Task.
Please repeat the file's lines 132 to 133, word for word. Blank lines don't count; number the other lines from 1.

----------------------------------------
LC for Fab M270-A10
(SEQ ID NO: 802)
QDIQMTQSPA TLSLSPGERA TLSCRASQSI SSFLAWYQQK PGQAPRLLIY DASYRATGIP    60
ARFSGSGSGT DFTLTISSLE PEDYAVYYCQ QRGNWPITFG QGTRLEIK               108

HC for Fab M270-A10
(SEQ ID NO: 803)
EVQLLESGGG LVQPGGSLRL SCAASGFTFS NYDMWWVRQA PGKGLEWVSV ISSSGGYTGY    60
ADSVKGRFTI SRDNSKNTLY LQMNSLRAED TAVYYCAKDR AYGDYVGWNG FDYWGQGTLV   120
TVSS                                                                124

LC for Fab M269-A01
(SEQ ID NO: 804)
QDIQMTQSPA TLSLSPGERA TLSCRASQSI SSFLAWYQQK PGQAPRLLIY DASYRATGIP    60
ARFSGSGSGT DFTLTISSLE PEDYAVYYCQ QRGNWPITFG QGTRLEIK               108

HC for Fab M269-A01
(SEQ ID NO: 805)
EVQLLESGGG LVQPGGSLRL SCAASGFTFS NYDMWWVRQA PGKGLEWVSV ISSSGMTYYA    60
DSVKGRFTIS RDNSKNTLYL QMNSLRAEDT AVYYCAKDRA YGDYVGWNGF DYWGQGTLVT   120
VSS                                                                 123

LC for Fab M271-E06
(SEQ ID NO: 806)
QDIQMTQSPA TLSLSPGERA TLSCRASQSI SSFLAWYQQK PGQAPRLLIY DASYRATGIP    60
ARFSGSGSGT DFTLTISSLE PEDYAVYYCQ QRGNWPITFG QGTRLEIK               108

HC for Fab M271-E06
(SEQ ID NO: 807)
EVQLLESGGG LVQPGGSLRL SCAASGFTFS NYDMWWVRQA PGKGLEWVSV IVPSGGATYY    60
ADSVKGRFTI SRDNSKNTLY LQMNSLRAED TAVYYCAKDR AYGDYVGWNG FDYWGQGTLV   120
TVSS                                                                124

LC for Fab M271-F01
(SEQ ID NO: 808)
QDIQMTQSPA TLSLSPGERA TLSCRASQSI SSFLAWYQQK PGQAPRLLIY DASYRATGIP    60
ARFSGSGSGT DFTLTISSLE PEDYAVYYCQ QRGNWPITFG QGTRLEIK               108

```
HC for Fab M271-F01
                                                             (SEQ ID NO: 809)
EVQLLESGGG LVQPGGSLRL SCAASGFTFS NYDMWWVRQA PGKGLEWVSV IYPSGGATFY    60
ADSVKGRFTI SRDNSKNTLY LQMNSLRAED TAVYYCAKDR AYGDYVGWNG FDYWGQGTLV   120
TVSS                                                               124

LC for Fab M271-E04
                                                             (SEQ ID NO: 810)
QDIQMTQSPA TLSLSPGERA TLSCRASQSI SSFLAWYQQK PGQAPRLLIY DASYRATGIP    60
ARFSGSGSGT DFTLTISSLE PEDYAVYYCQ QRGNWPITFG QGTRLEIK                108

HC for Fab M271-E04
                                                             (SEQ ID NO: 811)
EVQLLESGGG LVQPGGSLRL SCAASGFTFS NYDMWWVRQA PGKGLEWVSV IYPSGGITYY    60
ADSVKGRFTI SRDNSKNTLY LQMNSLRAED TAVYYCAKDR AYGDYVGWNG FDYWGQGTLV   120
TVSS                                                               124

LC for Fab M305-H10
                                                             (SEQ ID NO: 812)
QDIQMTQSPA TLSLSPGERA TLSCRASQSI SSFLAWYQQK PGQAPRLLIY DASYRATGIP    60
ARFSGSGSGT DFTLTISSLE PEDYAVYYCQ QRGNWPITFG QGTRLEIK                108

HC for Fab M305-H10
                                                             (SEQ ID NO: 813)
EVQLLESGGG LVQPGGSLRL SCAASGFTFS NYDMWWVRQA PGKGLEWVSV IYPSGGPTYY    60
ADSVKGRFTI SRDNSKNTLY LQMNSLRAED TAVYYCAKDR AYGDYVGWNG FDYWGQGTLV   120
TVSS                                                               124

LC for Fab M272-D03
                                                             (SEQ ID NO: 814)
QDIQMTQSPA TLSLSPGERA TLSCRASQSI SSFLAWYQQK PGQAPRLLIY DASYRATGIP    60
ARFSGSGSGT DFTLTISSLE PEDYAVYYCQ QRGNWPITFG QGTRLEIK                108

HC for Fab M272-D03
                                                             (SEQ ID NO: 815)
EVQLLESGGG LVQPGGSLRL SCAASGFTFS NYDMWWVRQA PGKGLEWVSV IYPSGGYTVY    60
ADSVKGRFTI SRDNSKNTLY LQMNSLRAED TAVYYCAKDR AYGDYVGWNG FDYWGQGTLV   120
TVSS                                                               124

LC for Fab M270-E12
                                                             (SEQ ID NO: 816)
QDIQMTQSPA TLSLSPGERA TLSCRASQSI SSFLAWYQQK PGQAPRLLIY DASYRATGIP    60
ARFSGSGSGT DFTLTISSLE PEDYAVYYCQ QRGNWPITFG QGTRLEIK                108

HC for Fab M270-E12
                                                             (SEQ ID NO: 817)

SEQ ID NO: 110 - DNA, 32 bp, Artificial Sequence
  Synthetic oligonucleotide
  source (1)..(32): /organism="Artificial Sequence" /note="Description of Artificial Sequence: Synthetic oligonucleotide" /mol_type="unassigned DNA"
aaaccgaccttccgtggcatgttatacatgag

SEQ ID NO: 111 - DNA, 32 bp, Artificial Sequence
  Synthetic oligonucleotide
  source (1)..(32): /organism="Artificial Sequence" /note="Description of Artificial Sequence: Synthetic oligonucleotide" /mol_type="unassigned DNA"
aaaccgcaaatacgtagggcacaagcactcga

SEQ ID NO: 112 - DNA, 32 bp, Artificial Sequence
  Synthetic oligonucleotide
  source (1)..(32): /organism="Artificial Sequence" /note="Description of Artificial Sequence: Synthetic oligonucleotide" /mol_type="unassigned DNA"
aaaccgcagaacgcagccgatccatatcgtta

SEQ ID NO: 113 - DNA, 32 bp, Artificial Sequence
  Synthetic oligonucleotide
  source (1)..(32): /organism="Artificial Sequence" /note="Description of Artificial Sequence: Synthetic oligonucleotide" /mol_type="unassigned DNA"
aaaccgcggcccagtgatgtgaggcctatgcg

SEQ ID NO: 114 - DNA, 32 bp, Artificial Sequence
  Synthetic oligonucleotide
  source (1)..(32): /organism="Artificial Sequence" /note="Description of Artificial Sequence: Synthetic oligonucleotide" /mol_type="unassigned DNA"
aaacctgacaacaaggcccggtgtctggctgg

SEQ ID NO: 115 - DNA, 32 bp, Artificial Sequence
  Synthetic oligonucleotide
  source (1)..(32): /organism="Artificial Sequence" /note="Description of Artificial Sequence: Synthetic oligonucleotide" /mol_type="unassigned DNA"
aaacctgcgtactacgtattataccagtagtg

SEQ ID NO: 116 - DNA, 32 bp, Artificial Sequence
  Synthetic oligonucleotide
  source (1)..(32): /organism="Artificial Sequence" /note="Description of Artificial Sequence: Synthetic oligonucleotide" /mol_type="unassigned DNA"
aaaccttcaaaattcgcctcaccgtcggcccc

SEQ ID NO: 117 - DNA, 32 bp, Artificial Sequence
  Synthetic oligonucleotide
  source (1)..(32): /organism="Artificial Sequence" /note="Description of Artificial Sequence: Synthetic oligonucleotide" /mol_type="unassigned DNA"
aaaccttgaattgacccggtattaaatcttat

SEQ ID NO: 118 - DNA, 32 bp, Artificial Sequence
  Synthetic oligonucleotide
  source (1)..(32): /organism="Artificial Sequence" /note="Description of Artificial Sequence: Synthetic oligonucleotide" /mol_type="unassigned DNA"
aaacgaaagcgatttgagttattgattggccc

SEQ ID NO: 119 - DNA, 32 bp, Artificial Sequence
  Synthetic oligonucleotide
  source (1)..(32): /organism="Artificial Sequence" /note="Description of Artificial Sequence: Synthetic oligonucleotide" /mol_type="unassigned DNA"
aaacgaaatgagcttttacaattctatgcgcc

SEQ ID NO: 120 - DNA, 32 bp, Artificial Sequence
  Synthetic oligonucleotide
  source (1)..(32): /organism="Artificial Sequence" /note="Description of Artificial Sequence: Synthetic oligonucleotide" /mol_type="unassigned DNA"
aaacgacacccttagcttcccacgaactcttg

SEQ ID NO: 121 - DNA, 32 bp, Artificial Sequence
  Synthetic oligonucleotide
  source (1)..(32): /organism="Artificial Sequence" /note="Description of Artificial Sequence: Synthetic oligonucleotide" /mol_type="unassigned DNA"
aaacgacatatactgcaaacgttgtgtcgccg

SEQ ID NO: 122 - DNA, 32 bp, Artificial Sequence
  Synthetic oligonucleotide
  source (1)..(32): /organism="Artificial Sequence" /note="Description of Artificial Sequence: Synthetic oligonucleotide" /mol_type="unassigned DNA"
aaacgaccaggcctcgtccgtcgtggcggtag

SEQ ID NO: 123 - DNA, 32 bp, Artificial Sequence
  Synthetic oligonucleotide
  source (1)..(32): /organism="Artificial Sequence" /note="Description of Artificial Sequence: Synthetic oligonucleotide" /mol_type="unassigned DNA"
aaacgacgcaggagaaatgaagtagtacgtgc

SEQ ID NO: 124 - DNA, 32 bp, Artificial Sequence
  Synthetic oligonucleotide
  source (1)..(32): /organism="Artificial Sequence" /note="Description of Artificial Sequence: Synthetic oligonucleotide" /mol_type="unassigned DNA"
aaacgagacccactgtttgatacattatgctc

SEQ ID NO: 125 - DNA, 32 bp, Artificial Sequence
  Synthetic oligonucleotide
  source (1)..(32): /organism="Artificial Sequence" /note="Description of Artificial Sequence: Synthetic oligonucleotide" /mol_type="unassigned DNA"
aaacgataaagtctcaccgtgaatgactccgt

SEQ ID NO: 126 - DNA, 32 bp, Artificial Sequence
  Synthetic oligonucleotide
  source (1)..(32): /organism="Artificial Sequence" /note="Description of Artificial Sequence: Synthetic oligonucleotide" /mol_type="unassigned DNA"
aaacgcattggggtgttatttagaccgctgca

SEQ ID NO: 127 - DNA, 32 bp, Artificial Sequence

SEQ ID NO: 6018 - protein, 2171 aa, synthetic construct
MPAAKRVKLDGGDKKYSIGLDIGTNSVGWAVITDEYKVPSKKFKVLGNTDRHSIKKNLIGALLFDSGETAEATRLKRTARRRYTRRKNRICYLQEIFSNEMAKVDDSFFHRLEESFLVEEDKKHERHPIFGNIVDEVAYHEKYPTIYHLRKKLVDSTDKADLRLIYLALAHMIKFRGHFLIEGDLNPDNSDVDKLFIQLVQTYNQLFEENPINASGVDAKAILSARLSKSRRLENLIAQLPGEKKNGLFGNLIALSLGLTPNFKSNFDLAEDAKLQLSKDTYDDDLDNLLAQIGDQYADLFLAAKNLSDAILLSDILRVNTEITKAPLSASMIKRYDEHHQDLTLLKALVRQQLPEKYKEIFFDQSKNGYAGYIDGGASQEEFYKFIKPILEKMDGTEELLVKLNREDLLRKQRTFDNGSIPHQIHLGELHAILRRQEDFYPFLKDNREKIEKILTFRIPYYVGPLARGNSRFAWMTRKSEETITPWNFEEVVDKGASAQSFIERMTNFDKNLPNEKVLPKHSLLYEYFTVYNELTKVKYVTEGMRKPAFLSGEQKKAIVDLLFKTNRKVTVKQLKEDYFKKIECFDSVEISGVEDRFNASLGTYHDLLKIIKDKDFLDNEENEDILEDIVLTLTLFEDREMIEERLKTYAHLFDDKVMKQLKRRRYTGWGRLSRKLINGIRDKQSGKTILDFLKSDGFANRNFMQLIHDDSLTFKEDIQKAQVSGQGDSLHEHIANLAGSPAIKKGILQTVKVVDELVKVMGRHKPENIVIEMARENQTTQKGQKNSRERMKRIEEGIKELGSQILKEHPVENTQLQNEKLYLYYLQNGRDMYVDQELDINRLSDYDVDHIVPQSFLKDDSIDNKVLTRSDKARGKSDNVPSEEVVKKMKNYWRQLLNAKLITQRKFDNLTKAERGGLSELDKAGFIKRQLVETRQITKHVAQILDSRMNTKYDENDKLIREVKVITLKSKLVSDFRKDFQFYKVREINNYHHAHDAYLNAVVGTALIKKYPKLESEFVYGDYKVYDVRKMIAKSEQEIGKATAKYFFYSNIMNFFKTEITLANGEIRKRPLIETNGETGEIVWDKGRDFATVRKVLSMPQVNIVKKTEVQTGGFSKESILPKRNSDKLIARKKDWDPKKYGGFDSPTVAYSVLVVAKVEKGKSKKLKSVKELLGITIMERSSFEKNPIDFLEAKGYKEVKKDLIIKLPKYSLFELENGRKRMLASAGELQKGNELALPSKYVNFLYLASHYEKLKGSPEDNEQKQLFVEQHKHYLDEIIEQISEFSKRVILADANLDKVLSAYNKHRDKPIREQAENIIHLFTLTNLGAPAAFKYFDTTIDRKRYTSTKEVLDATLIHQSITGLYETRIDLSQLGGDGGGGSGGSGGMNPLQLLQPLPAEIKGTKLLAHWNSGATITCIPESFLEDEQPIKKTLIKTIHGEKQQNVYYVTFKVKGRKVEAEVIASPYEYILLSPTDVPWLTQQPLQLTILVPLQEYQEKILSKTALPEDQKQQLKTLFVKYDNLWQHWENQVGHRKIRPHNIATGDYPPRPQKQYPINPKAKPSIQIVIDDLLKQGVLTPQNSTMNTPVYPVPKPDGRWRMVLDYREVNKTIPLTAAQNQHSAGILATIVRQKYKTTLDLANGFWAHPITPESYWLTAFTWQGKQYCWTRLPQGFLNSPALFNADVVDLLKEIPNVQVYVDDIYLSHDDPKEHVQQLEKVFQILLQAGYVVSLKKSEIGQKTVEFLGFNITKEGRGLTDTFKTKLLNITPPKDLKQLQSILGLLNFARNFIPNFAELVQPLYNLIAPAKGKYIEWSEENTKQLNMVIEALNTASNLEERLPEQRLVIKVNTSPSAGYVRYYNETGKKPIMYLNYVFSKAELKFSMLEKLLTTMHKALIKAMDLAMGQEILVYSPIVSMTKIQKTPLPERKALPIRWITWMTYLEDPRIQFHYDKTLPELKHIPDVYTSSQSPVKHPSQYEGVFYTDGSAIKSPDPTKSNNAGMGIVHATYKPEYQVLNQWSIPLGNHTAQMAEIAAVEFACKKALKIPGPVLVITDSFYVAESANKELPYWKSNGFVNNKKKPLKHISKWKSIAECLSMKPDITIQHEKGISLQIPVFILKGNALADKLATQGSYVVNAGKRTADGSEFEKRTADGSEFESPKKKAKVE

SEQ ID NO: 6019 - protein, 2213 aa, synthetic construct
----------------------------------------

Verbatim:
  Synthetic oligonucleotide
  source (1)..(32): /organism="Artificial Sequence" /note="Description of Artificial Sequence: Synthetic oligonucleotide" /mol_type="unassigned DNA"